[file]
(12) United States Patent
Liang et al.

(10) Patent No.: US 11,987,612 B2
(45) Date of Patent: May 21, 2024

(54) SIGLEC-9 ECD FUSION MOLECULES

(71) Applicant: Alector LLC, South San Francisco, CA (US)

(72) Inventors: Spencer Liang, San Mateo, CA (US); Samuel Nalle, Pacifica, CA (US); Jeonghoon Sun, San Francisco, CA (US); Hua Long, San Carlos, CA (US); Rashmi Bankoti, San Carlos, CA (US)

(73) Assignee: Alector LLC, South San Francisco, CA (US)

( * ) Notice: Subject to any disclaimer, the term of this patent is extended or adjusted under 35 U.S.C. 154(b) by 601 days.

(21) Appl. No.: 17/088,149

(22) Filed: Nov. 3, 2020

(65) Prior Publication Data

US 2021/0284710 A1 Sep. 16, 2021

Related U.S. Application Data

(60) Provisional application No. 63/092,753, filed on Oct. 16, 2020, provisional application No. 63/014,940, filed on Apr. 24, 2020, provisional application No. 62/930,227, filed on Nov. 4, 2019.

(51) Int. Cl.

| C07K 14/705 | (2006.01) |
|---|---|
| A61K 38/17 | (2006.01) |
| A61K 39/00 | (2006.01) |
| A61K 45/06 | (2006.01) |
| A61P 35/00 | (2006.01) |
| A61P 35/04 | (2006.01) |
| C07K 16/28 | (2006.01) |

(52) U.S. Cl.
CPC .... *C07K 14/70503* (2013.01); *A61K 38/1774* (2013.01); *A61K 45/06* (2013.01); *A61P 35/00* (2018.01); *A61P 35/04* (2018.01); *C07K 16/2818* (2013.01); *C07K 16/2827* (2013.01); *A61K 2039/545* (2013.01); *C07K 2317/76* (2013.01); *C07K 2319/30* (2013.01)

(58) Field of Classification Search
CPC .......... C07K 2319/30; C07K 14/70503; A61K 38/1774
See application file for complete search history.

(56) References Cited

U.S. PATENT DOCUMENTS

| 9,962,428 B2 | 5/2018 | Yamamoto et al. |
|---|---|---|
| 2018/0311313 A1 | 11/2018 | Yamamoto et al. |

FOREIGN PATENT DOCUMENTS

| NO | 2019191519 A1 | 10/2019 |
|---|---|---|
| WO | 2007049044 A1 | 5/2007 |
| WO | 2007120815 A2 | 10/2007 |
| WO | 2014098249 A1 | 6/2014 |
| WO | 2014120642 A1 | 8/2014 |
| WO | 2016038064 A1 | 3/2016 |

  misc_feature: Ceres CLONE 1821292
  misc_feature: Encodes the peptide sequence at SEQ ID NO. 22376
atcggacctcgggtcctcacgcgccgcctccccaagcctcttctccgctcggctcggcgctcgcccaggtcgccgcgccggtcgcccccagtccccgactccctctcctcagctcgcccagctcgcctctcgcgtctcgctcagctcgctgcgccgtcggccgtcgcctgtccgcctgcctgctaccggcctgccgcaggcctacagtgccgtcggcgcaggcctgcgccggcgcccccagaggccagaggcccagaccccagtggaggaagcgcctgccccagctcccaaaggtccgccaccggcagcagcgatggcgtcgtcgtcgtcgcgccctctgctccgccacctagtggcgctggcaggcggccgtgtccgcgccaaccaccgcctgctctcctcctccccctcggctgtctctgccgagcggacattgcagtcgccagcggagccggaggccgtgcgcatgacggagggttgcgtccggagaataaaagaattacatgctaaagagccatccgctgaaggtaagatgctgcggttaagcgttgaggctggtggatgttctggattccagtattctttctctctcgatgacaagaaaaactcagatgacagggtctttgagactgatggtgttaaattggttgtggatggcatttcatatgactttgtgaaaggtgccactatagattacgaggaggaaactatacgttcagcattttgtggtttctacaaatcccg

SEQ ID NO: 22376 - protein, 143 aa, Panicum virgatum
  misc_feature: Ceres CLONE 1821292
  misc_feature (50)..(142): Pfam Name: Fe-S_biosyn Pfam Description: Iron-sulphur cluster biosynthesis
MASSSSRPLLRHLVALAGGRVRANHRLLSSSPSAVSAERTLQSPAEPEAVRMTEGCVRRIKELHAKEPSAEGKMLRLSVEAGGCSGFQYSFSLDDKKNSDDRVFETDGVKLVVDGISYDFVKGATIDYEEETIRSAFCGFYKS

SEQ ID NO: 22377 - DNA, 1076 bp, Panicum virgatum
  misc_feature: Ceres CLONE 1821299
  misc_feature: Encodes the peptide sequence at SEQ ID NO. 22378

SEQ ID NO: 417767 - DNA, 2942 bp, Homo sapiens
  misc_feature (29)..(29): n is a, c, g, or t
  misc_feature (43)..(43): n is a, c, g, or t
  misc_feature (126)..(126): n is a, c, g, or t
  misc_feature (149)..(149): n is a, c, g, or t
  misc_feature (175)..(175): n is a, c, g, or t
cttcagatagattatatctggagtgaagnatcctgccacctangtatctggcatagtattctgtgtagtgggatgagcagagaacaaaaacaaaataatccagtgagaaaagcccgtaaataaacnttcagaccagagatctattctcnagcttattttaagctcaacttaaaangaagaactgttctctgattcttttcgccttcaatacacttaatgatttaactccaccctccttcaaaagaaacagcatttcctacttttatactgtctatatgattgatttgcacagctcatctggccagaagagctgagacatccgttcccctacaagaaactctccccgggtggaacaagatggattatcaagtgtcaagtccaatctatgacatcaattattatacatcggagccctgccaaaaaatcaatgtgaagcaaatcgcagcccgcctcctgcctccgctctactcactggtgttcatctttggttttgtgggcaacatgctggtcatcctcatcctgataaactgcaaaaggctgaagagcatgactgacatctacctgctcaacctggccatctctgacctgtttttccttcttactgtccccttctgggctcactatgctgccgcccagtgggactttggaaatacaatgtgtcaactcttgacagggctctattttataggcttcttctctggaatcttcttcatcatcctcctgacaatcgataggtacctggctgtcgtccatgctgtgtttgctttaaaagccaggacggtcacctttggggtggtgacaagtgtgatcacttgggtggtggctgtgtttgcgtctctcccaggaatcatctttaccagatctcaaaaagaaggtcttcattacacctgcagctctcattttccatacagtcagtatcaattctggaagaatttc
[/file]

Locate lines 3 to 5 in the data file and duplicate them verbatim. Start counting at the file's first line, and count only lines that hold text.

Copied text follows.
(10) Patent No.: US 11,987,612 B2
(45) Date of Patent: May 21, 2024

(54) SIGLEC-9 ECD FUSION MOLECULES